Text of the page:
In another proposed reversal of an Obama-era standard, the Environmental Protection Agency Friday said limiting mercury and other toxic emissions from coal- and oil-fired power plants is not cost-effective and should not be considered "appropriate and necessary."

The EPA says it is keeping the 2012 restrictions in place for now, in large part because utilities have already spent billions to comply with them. But environmental groups worry the move is a step toward repealing the limits and could make it harder to impose other regulations in the future.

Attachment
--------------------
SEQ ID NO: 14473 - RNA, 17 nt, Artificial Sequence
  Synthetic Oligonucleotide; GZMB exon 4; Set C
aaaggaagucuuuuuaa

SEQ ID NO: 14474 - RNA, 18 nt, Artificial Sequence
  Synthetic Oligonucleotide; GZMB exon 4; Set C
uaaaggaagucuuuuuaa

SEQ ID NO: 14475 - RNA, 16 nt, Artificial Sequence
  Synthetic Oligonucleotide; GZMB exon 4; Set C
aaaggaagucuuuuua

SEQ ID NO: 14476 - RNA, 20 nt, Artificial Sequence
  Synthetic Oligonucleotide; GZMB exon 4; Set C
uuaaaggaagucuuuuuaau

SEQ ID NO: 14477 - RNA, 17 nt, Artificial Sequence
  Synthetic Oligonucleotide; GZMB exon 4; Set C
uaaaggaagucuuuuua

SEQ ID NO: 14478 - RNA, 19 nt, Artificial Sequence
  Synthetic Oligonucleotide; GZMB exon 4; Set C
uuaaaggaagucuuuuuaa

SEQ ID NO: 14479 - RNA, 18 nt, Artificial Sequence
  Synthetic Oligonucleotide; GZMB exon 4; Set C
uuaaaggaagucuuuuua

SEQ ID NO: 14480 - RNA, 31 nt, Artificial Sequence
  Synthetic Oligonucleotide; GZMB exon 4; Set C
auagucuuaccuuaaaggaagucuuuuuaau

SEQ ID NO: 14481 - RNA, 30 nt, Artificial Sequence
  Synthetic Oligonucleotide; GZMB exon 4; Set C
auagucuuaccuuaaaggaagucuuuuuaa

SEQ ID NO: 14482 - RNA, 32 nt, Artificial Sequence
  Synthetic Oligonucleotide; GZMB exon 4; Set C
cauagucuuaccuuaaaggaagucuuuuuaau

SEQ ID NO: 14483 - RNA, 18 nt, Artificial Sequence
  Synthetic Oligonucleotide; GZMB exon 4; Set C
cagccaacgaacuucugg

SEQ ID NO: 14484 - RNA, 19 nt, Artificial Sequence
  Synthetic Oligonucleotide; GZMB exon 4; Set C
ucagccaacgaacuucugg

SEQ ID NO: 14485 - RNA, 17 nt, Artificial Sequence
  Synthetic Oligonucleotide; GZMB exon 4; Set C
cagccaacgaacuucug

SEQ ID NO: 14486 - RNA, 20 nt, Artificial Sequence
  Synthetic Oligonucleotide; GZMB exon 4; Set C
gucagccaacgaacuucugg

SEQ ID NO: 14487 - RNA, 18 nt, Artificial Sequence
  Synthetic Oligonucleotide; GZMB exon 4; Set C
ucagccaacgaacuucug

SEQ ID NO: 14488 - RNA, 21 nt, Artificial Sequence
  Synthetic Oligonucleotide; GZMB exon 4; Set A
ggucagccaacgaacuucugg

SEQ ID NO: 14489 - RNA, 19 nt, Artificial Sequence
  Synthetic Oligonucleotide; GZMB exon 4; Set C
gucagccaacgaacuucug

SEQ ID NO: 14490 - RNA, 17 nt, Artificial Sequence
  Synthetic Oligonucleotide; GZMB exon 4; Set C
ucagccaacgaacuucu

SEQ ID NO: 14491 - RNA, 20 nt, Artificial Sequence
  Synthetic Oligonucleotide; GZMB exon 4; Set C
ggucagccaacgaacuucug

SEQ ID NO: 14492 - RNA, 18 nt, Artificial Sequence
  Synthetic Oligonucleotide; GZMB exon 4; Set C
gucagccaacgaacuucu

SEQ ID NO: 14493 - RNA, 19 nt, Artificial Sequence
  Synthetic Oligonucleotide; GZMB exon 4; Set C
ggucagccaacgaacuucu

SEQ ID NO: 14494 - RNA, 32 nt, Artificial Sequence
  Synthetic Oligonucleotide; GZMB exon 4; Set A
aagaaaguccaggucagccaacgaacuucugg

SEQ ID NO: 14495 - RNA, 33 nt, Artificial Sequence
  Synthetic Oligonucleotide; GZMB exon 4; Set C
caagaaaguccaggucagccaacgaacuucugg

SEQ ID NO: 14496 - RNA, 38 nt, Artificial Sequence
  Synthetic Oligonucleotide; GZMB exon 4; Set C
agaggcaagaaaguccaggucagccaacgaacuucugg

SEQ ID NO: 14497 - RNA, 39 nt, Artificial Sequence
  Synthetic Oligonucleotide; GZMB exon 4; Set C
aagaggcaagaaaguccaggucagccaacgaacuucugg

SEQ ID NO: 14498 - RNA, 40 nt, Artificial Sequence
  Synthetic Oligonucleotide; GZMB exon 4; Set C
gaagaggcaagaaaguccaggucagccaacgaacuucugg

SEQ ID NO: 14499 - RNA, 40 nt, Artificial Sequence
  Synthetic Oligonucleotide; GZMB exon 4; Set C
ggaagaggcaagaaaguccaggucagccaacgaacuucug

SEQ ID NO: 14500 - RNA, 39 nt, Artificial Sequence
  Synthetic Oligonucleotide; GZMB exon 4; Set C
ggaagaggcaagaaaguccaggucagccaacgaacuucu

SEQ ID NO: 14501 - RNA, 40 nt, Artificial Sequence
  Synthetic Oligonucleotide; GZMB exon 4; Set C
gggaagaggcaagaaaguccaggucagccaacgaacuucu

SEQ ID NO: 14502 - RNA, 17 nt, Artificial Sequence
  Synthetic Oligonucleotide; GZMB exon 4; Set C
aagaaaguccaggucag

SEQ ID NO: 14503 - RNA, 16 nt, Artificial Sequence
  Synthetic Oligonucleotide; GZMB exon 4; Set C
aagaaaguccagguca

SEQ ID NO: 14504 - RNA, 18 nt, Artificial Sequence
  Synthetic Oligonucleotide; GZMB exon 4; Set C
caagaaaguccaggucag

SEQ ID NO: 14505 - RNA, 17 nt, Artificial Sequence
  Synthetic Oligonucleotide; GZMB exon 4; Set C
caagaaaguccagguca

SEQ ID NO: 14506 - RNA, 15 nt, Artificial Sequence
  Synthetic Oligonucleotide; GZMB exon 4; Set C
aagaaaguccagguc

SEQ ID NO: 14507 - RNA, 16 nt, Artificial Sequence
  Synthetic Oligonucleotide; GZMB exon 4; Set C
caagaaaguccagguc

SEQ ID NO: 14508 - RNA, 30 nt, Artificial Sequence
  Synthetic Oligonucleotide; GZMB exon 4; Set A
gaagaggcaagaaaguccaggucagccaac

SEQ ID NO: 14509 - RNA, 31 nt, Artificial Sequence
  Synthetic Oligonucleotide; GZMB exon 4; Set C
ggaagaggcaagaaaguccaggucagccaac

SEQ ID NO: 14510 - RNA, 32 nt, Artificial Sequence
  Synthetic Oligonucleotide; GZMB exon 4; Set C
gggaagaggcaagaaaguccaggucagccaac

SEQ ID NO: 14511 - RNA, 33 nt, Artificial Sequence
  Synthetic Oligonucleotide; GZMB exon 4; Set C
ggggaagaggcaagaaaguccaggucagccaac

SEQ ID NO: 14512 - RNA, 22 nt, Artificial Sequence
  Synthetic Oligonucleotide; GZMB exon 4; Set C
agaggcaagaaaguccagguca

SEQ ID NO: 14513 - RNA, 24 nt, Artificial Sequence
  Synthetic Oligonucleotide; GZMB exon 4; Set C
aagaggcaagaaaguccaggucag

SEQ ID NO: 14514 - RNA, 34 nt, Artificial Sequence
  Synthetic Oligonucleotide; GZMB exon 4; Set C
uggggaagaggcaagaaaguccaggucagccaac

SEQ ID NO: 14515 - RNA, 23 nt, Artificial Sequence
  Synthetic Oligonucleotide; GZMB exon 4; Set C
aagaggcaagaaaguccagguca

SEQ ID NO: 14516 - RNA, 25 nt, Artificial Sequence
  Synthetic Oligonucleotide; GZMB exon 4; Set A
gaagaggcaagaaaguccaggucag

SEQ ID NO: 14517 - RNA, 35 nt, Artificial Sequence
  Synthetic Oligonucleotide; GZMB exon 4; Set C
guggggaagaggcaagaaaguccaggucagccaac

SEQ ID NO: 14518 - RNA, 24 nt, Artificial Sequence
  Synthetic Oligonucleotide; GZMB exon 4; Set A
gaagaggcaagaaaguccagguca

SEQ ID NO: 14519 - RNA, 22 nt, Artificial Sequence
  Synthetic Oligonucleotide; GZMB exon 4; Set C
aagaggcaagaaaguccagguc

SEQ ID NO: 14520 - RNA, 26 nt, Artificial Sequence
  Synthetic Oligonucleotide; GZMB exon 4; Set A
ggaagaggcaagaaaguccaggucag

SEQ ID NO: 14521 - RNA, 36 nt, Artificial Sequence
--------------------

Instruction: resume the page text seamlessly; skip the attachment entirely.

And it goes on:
The Trump administration released a major climate assessment on Black Friday, the culmination of years of research by the country's top climate scientists. It's well over 1,000 pages and touches on a daunting range of topics.

The Trump administration is rolling back another Obama-era energy regulation, this time one that aimed to curb methane leaks from oil and gas operations on tribal and public lands.

Bob Fitzgerald lives on the edge of a flat field that's just a few feet above sea level. It's the same spot on Maryland's Eastern Shore where his ancestors settled before the U.S. became a country.

"The land grant came into the family in 1666," he says.

When he was a child his parents grew tomatoes, cucumbers and string beans. Now nearing 80, Fitzgerald plants corn and soybeans to supply local chicken farms.

Updated at 2:54 p.m. ET